Expatriates in Saudi Arabia Warned to Follow Ramadan Rules or Risk Deportation

Non-Muslim expatriates who live and work in Saudi Arabia have been warned this week that failure to follow the strict eating, smoking and drinking rules expected during the Ramadan period will result in deportation.

According to reports published by many Saudi Arabian newspapers, the Saudi ministry of interior have issued a press release that warns Non-Muslim expatriates against failing to follow the Ramadan requirements and urging them “to respect the sentiments of Muslims by not eating, drinking and smoking in public places, including roads and workplaces” during fasting hours. The statement also added that “Being a non-believer of Islam does not exempt an expatriate from being inconsiderate of the feelings of Muslims and the Islamic symbols of this country,” before warning expatriates that if they failed to honor the Ramadan customs they would have their work permits cancelled and would be deported.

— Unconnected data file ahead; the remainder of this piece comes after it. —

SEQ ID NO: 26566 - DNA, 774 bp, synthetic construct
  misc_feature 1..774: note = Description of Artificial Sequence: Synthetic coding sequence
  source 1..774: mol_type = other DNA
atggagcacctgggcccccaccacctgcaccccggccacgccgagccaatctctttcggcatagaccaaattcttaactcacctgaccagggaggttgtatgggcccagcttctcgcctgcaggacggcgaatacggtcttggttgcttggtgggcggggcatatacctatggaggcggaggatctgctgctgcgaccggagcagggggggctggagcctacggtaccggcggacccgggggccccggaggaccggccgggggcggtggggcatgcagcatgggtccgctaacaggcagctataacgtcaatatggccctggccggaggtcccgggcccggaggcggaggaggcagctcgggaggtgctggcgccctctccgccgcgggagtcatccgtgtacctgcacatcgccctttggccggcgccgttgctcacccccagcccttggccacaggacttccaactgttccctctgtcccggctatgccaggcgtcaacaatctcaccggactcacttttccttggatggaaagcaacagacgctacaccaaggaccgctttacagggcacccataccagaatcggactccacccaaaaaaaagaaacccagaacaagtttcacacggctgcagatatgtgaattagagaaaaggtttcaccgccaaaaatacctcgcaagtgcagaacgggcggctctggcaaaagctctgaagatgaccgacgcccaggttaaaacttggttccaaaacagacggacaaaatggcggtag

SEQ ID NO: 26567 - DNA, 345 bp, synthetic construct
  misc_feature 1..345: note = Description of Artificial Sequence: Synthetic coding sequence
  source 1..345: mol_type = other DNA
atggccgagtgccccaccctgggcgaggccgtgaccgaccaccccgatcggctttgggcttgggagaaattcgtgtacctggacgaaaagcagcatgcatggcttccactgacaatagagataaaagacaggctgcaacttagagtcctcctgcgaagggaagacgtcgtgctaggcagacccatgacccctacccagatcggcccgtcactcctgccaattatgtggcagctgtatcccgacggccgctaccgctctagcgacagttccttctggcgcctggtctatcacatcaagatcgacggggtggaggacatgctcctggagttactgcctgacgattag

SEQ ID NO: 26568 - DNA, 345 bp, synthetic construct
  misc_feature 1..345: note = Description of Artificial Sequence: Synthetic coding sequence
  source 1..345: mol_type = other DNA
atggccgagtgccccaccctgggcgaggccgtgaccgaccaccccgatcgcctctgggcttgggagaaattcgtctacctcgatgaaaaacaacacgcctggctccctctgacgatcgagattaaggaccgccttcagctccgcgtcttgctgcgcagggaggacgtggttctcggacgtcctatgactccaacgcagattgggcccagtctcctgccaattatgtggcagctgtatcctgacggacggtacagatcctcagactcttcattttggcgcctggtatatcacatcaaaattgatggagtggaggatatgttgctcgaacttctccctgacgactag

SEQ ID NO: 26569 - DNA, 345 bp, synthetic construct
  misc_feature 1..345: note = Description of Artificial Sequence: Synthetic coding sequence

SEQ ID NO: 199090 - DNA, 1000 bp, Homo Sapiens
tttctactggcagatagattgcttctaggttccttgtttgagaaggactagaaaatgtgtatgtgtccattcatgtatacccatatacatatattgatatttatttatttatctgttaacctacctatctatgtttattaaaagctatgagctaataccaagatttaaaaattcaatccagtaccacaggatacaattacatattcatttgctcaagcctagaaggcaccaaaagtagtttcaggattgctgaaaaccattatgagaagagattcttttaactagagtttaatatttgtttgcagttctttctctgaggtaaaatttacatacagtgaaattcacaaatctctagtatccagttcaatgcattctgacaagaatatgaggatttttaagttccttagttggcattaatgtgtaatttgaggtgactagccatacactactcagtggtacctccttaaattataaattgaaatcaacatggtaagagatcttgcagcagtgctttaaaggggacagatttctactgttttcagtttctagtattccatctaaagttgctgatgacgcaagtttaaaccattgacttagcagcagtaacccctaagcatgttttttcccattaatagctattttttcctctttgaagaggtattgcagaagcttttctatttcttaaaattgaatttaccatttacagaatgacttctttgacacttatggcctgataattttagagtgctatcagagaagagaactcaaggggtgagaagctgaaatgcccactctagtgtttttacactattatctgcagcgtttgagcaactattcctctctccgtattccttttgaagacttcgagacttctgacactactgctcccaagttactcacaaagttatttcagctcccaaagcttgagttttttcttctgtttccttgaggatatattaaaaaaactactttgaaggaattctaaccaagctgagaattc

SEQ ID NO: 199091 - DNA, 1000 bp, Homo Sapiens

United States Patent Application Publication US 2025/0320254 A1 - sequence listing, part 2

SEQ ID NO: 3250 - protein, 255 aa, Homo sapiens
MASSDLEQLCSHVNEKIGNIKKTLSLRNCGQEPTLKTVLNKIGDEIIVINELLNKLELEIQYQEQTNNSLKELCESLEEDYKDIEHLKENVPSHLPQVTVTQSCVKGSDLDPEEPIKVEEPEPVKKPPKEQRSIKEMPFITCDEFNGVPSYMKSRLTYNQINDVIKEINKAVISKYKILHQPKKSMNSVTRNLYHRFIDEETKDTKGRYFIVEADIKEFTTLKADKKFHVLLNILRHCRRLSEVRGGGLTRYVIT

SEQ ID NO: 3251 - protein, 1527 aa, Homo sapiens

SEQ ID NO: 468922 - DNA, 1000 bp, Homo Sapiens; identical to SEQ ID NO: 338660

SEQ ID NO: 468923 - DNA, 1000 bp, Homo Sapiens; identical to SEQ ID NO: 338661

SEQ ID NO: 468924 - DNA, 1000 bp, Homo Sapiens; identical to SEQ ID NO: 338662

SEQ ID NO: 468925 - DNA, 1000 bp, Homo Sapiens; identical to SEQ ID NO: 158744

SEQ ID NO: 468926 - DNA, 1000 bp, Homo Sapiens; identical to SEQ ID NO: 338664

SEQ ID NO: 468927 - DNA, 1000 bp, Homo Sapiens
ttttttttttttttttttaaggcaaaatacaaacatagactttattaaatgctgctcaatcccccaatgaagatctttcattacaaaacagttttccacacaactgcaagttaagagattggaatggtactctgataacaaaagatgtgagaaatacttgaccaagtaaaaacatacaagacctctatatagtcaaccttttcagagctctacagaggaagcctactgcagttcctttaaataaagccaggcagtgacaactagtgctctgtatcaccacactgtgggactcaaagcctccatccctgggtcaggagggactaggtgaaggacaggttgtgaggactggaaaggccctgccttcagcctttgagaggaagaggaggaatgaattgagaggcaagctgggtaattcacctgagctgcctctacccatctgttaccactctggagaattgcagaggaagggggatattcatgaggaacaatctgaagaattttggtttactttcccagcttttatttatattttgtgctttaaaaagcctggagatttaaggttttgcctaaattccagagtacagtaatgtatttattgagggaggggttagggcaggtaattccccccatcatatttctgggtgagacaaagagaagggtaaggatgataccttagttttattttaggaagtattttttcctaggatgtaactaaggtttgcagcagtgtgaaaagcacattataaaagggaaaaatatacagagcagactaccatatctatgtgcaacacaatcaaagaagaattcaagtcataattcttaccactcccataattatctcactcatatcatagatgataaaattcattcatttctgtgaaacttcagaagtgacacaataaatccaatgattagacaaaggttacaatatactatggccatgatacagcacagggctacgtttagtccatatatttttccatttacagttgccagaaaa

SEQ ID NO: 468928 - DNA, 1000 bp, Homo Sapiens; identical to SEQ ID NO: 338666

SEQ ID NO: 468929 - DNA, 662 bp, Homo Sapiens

Ramadan marks the ninth month of the Muslim year and during the period, which typically lasts 30 days and it is an extremely important time of the year for Muslims. During the Ramadan month they refrain from eating, drinking, smoking and marital relations during daylight hours and are also encouraged to refrain from other bad habits, such as swearing, lying and getting angry. Through this process followers of the religion have an opportunity to focus on their spirituality. Expatriates who live in Muslim countries should be aware of the requirements of Ramadan and should show respect for their host country’s religion by observing and honoring the rules.

At present a third of the population of Saudi Arabia consists of foreign workers and expatriates.